That’s where the anger came from, people wasting good energy, on something that serves no purpose. Other than to make them feel good I guess at expressing their right to free speech. But it angers me that they don’t stop to think about the hurt they may be causing others. Sometimes we should exercise our right to free speech, if it will bring something good, something positive to happen.

Conspiracy theories, refusal to wear masks ( which may be an inconvenience, but that’s all it is), people protesting encouraging others to not follow the guidelines set our by our top health personal. Does not generate anything positive.

I wonder if they give any thought to how that makes those who have already suffered the losses of a loved one to this pandemic, or the thousands and thousands of people suffering the “ long Haul”symptoms wondering if they will ever be well enough to resume there lives. Have we become a society that the “me and I” that we give not thought to how our actions impact others.
I wonder if people understand that yes there is a concern, if they don’t want to believe the health officials, or our government personnel, then perhaps they should figure out how to do true legitimate research, to where the science is right there, the scientists know.
The doctors who are working in hospitals that are at or near capacity know, maybe it hasn’t impacted those people who are shouting out about conspiracy or how we shouldn’t listen or follow the rules. Maybe it hasn’t impacted them yet.

Photo by cottonbro on

But when it comes knocking are you going to forgo your loved one being treated because after all you don’t believe you should have to take it seriously or follow the rules, should we be asking those who don’t want to follow the rules to provide their information so that we can put them to the bottom of the list should they need treatment and give it first to those who having been doing what they can to help protect not only themselves and their families but others as well. I wonder how they would feel then.
You see for me it isn’t about me, I can and will do what I can to take care of myself, but I do care about others, I care how it makes someone who may be trying to manage and cope, while their loved lays in a hospital on a ventilator fighting for their life.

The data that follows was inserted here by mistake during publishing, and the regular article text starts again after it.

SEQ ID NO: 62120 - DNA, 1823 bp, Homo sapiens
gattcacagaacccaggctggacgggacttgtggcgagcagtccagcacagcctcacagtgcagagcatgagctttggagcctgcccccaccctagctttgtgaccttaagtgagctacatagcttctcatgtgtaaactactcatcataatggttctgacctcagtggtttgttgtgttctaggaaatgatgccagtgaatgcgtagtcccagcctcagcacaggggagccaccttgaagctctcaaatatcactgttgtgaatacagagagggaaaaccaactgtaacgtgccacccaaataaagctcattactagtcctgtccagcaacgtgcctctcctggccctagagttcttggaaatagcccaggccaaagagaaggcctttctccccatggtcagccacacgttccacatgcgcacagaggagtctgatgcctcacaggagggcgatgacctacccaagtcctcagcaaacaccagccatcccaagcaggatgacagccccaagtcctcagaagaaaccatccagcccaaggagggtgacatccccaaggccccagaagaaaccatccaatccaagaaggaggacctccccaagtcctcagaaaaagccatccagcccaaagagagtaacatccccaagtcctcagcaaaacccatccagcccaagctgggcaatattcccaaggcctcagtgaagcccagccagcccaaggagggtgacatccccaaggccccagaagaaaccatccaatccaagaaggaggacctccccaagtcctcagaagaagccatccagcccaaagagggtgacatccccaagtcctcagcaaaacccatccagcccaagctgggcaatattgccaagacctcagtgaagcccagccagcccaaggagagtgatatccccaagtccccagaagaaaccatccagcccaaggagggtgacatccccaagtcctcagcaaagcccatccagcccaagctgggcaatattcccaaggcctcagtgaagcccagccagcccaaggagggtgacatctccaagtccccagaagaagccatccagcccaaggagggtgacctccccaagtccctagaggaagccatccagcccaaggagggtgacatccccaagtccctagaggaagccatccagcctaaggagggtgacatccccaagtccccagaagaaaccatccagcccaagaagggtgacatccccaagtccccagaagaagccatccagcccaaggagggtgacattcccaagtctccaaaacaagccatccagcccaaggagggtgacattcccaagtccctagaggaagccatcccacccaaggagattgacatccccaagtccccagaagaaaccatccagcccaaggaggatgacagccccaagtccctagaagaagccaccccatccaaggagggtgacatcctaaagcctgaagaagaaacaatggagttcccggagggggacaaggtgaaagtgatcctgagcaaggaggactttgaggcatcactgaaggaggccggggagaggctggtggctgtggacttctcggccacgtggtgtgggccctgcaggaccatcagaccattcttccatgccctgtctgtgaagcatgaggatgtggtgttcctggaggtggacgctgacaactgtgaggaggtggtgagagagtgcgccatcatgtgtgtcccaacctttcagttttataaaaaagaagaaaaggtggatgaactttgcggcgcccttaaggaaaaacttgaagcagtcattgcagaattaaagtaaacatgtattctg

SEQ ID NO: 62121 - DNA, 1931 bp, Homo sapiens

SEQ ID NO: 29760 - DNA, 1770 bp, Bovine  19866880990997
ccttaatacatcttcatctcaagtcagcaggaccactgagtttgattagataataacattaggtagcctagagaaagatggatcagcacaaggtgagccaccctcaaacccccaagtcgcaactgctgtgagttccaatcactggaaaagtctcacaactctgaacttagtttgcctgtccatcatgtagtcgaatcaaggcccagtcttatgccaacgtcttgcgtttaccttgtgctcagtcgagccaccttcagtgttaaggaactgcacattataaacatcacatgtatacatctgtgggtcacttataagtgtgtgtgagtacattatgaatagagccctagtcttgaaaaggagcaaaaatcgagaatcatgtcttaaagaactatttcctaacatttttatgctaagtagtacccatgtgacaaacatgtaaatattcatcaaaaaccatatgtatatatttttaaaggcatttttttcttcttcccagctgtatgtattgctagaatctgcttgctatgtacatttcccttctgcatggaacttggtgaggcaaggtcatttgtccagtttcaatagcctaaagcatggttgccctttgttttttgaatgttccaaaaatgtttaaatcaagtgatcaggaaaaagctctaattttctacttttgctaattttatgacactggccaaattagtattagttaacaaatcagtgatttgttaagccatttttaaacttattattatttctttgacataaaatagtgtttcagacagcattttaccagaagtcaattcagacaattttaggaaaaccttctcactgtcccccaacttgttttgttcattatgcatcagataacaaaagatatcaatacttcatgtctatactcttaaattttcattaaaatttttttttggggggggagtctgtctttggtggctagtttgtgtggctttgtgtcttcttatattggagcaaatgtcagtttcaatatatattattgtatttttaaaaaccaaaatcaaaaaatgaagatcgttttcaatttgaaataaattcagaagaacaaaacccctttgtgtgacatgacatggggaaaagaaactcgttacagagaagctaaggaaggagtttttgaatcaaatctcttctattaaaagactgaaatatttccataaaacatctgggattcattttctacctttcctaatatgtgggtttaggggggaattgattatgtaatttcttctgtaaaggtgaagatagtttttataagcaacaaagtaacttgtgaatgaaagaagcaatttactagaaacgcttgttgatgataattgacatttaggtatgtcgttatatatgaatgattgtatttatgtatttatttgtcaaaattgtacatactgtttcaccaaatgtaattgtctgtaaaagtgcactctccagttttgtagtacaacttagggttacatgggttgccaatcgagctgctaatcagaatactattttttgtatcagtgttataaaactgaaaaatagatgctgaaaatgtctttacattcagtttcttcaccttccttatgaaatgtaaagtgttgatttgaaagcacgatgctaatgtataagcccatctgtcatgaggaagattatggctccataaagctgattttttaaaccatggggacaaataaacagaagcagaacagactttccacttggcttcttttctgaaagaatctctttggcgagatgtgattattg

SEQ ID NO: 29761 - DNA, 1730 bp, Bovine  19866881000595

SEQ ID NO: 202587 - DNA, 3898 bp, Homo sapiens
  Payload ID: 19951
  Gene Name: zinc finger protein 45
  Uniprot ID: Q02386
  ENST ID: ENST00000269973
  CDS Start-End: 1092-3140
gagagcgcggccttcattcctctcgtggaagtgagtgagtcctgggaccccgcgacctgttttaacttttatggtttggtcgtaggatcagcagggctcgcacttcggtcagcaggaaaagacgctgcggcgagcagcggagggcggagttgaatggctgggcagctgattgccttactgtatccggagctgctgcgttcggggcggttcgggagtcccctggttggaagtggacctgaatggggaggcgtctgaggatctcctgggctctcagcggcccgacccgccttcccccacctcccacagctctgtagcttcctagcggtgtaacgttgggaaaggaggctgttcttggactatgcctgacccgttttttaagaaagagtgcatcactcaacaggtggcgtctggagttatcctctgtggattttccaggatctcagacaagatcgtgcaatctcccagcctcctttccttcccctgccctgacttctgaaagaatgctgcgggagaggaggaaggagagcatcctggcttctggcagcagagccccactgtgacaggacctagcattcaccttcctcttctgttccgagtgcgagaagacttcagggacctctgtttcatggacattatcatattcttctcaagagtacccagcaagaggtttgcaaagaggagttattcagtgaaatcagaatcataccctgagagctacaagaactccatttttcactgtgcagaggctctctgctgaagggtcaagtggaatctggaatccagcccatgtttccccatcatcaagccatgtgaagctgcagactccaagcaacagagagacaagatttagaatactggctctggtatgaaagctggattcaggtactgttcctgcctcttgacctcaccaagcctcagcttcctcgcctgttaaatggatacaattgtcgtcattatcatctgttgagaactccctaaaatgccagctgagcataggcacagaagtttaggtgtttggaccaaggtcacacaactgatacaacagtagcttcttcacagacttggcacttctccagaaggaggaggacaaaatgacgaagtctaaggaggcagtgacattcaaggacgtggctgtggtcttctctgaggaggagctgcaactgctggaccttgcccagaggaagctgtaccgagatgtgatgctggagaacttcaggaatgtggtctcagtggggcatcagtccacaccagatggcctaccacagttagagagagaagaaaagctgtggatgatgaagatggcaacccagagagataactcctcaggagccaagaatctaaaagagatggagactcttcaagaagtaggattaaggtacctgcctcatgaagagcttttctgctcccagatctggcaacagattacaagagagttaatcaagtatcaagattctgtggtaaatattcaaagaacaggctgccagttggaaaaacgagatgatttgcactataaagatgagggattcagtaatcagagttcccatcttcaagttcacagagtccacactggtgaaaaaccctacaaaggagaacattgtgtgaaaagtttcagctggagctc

Maybe all those people who think it’s not that bad should be rounded up to donate all that energy to helping in care homes and hospitals, maybe if they see first hand they might think before wasting their energy and time on something that is of zero value in the bigger picture.
people are worried about their jobs, about businesses closing we all are, but if we first don’t all do our part, those things will all be effected anyways, people will be to sick to work or shop, or anything, yet we have the ability to do something by all doing our part, so why aren’t we?
My anger is gone know, displaced by a deep sadness over what I see, there is still much good in this world and I’ll pray that good wins, because at the moment that’s all I have. By the Grace of God go I.

Photo by Public Domain Pictures on

Advocates Christine Thelker © 2020 Dementia For This I Am Grateful Living well with Dementia Silver Linings Stress

Managing during a time of a Pandemic

Photo by cottonbro on

I am extremely isolated these days, partly because I’ve become more isolated and being in solitude over the past few years, that became a real thing not this fall but the fall before, there was a day that forever stays etched in my mind, and from that day on friendships vanished, others took a noticeable hit.

Maybe people think I wouldn’t notice the change, but I like most with dementia feels things at an unbelievably deep level, our intuition and our senses are very acute.

So I know the day it all changed, and I have learnt to come to be ok with it. The pandemic brought about a whole new level of isolation, lock down happened , I spent the better part of the last nine months being sick, once things opened up again, I still was not comfortable to be out and about, only going for necessities,

Photo by Vlada Karpovich on

I loved having social distanced coffees at the park, that was always a treat and so enjoyed those visits. People bubbles expanded, mine did not, my bubble is less than six, I would be hard pressed to count up to six who are part of my bubble. Am I being overly cautious?